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State must help Dade City in its quest for bicycle trail

Bicycling could become a key part of Dade City's identity.

Already home to antiques, kumquats and the county fair, the city is also the site of the annual Dade Battle of Brilliance bike race. Meanwhile, private corporations, including the Times, are organizing a return of a bicycle tour through east Pasco in March.

Laura Beagles, assistant to the city manager in Dade City, envisions a day when bicycle riders will start at a trailhead in Ridge Manor and pedal south along the Withlacoochee trail and into the city center to eat and peruse the downtown shops.

Just one problem: The route's initial stage in Dade City just hit a significant snag. Engineering consultants working for the state Department of Transportation found arsenic along the abandoned railroad line that is to serve as the bike corridor through town.

DOT representatives told Times staff writer Molly Moorhead that they hope to offer alternatives within the next month, but the environmental concerns and escalating costs could doom the notion of a 1-mile trail from Eighth Street at Church Avenue to just beyond Fairfield Avenue.

A little more than $300,000 has been set aside for the project, but the alternatives _ bringing in dirt to raise the elevation or building a boardwalk _ will push up the price.

Cash-starved Dade City isn't expected to be able to contribute construction funding because of more pressing needs, and the state can't promise it can make up the shortfall.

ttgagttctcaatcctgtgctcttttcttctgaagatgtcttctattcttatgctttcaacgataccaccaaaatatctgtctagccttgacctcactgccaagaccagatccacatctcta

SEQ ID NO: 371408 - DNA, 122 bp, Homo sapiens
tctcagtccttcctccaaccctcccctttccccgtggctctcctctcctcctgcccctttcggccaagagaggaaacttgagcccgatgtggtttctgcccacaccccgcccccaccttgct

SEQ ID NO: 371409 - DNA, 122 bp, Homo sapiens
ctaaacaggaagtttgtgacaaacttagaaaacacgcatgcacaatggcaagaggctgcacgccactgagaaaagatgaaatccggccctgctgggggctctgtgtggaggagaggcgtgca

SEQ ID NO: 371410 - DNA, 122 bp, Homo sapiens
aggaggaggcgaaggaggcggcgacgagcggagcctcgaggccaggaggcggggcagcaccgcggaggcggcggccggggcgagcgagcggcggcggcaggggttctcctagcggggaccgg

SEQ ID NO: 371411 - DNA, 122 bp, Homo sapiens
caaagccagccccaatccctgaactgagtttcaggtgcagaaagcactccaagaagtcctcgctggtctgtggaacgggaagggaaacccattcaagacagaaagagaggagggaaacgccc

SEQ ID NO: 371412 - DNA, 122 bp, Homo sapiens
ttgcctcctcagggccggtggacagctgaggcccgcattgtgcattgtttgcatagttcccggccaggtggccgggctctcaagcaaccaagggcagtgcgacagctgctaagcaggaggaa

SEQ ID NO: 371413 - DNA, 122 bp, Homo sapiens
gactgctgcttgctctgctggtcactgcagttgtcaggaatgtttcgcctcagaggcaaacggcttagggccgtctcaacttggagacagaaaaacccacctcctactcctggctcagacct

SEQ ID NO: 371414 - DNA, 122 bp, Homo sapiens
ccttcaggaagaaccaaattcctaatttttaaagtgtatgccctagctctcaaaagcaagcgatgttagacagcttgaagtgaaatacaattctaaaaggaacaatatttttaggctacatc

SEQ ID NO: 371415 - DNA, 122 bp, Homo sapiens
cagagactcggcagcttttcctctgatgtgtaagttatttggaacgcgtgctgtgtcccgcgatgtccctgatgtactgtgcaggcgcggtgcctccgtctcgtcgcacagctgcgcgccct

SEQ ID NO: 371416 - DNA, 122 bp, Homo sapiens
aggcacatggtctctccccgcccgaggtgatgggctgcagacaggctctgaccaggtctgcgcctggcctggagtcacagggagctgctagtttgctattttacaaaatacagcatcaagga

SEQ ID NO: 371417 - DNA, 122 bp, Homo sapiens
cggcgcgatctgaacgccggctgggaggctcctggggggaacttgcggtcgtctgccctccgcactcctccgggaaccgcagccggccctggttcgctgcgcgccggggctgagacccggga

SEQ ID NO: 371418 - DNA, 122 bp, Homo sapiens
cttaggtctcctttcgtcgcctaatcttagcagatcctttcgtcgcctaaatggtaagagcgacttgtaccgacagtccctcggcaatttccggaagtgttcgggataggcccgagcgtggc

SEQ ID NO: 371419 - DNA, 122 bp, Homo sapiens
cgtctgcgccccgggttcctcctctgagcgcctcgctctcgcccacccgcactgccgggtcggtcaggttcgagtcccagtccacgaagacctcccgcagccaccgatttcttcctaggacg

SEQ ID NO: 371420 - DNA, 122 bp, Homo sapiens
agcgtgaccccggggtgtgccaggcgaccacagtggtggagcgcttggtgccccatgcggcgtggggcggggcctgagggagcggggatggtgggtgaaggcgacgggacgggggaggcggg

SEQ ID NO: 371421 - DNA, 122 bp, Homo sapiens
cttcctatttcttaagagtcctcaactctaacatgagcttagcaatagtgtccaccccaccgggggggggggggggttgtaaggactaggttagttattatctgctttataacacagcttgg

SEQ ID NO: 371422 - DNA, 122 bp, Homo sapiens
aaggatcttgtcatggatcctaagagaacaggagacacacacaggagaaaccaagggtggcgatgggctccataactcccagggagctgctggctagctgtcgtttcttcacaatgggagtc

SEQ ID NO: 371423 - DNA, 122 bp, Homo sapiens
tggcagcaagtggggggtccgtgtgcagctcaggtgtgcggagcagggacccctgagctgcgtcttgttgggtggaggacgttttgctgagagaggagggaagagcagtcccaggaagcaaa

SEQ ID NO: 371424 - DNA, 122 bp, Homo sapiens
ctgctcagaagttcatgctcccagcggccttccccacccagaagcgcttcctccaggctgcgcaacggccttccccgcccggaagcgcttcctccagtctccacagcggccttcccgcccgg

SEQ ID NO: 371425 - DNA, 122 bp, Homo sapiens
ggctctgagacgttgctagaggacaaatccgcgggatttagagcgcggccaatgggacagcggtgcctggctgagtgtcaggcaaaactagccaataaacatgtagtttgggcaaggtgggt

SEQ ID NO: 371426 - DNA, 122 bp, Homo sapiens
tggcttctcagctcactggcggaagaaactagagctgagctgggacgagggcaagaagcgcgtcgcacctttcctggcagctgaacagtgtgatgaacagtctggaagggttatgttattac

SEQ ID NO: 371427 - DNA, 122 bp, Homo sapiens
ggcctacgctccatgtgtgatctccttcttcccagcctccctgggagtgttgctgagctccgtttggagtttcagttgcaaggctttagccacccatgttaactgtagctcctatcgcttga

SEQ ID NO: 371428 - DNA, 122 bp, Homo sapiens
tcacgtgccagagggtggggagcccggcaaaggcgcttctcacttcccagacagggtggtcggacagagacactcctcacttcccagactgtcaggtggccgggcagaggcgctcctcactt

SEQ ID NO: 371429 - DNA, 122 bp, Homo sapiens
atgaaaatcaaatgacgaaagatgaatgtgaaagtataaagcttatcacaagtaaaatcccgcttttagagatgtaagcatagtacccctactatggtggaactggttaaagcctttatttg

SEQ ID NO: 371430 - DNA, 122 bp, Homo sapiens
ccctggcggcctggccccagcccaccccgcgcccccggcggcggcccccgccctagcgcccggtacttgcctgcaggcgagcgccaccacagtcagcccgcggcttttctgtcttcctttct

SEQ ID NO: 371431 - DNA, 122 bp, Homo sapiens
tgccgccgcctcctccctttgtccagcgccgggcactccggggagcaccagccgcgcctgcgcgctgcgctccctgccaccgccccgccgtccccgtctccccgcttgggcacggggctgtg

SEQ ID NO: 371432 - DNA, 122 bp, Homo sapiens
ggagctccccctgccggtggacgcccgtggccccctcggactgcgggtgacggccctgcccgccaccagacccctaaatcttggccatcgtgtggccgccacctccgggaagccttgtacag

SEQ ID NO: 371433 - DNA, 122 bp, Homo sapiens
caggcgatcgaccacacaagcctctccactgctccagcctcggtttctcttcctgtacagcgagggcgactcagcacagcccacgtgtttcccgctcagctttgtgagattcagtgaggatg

It is a disappointing development, and we encourage the DOT to be diligent in trying to keep the project alive. It is particularly frustrating for Dade City, which has had limited success in expanding its recreational opportunities.

The notion of the Rails to Trails program coming to Dade City surfaced in 1998. The city owns 2.2 miles of right of way on which the bike trail is supposed to sit, and the Eighth Street to Fairfield Avenue trek is just the start.

Enthusiasts envision the trail continuing north to Lock Street and then traveling 5 miles to Trilby and the Withlacoochee River Park, where it would link to the existing 46-mile state trail through Pasco, Hernando and Citrus counties.

Potential users abound. Bicycling is a national recreation. The National Sporting Goods Association estimated 41.4-million Americans age 7 or older rode a bicycle six times or more in 2002. The sale of bicycles and accessories is a $5-billion-a-year industry, according to the National Bicycle Dealers Association.

Long-range plans in Pasco County call for a $36-million bicycle and pedestrian path network across the county constructed along natural gas and water transmission lines and as part of highway projects.

The Penny for Pasco sales tax includes $3-million to build a bicycle path to connect New Port Richey to the Starkey Wilderness Park and the Suncoast Parkway.

The county added bike racks to its public buses as part of the national emphasis on alternative transportation methods.

Bicycling opportunities should be encouraged considering the popularity of the trail along the Suncoast Parkway and the natural fit with local attempts to capitalize on ecotourism and nature-based recreational opportunities.

Given the investments elsewhere, Dade City shouldn't be left spinning its wheels.